scouts-l Mail Archive for July of 2000: Fwd:Philmont 2000 Heros
Thu Jul 27 2000 - 08:40:57 CDT
Two weeks ago on a Saturday afternoon, I got a call from our ASM, Ron Butts, who
lead our Philmont Trek this year for our three crews. What made the call unusual
was it was in the middle of the trek. "Barry, I coming home with Michael.
Something happen, they think it might have been a heart attack. Can you take
care of getting the crews and the trailer home?" It was a call that had us
shocked and concerned. A few days later, this week, after the doctors had looked
at Michael and after I picked up the rest of the scouts last week, Ron told me
he wanted to think everyone involved who helprd get Michael off the mountain. I
told him to send me a letter and I would send on Scouts L. He agreed because as
scary as the situation was at the time, the sacrifice from the other crews was
scouting at it's best. Here is his letter to you.
Subject: Philmont 2000 Heros
Author: "Ron Butts" <firstname.lastname@example.org>
Date: 7/26/00 10:52 PM
For 2 years we planned and worked and trained for what is considered to be
one of the pinnacles of Boy Scouting, a Philmont trek. Little did we know
that this high adventure would turn to high drama.
We were hiking the switchbacks that wind their way from Cypher's Mine camp
to Mt. Phillips camp in the western edge of the Philmont Scout Ranch. It
was our 5th day on the trail and undoubtedly our toughest hike so far. We
had climbed up from the creek at Cypher's Mine at about 9,000 ft., passing
through Thunder Ridge at 10,400 ft. on our way to Comanche Peak. We had
pushed almost 2,000 feet of vertical climb in a little over 2 hours.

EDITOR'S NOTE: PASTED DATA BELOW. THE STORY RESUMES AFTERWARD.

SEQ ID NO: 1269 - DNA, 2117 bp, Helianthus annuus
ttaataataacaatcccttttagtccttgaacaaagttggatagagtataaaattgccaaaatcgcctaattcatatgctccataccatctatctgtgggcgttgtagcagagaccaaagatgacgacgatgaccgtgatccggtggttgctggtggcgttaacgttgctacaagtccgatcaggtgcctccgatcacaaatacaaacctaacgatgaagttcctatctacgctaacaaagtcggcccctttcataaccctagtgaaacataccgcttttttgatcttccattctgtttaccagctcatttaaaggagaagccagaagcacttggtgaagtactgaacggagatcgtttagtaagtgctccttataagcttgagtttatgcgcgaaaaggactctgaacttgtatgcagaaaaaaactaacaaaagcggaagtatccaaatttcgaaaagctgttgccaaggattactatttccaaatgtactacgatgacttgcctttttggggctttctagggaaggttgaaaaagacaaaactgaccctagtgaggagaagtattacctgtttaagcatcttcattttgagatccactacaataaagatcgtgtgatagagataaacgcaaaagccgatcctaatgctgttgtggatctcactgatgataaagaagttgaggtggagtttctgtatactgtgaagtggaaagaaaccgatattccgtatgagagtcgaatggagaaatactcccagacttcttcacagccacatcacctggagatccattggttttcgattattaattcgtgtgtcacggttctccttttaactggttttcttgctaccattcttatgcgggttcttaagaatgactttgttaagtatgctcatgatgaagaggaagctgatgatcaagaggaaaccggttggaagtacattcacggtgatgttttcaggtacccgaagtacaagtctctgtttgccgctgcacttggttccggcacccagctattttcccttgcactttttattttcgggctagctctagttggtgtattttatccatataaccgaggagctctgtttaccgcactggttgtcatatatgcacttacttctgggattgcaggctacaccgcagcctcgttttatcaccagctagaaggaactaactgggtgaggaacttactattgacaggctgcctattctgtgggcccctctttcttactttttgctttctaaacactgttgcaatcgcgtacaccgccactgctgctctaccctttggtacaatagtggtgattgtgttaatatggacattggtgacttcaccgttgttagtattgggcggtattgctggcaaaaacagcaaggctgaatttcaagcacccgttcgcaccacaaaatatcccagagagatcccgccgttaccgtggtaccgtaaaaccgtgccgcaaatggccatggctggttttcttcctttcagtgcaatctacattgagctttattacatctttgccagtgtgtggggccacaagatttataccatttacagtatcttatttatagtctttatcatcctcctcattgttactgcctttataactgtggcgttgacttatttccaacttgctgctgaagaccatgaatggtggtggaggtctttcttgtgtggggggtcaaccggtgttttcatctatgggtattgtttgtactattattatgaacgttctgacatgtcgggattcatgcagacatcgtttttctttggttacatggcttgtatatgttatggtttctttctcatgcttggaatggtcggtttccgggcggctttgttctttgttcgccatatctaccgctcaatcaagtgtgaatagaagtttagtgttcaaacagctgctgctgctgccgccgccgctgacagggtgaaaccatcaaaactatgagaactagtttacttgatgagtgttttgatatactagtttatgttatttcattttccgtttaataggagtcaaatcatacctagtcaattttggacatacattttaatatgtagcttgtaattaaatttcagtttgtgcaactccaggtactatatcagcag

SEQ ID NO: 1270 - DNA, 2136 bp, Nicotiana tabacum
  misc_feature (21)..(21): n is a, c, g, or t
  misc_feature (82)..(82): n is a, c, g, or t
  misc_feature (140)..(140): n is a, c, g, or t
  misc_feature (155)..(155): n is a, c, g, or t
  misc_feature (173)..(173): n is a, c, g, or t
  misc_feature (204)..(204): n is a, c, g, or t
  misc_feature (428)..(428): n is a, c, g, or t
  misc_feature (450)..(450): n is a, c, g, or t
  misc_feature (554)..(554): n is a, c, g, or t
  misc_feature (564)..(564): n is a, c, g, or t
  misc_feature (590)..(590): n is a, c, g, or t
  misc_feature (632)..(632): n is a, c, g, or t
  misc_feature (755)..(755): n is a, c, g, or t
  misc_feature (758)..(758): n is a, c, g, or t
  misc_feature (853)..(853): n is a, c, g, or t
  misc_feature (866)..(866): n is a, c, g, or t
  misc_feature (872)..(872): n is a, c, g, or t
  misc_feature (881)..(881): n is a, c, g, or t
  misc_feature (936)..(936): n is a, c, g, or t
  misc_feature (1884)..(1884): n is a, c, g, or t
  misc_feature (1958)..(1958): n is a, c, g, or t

At 11:30 a call came out from the back of the crew to take another break.
Breaks were coming more often at this altitude. Our goal was to reach Mt.
Phillips by lunch. We had heard of some bear incidents there and were not
allowed to camp, but we figured it would be a noteworthy place to stop, eat
and take some pictures. Unfortunately, our pace was not going to get us
there by lunch. We decided to break out the cheese and crackers.
I was leading this expedition because I was the slowest and most out of
shape of the crew, and I knew we would not rush the group with a speed bump
like me at the head. My fellow scouters informed me later that the smart
money had been on me to drop first. As I sat and drank from my water
bottle, someone in the crew yelled for me to come to the rear of the line.
Our crew consisted of 8 boys and three adults. One of the adults was a
doctor. One of the boys was my son, Michael. It was these two people who
captured my attention for the next 15 minutes. I walked back down the trail
a few yards to find my son sitting on a rock clutching his chest. He was
complaining of chest pains and tingling in his arms. My limited first aid
knowledge immediately told me 'heart attack'. But in a 16 year-old? The
doctor said, "No, it can't be a heart attack. He's too young and too
healthy. And besides, his physical would have given us some indication of a
coronary problem." We mentally ran through the list of possible
alternatives. Acute mountain sickness, hypothermia, collapsed lung.
Nothing seemed to make sense.
In the meantime, Michael's condition worsened. He was doubled over in pain
and shivering uncontrollably. He was complaining that he was cold, yet his
extremities were warm and his heart rate seemed normal. We had him wrapped
in fleece jackets, a space blanket and his sleeping bag. No more guessing.
We quickly dispatched 4 of the boys in our crew; Mark (our crew
leader), John, Max and Steven to run back to Cypher's
Mine to the nearest radio to get immediate help.
The remaining three boys; Chad, Chris and Dustin helped make Michael as
comfortable as possible. They provided the space
blankets from their packs and erected a rain fly over his head for shade. All we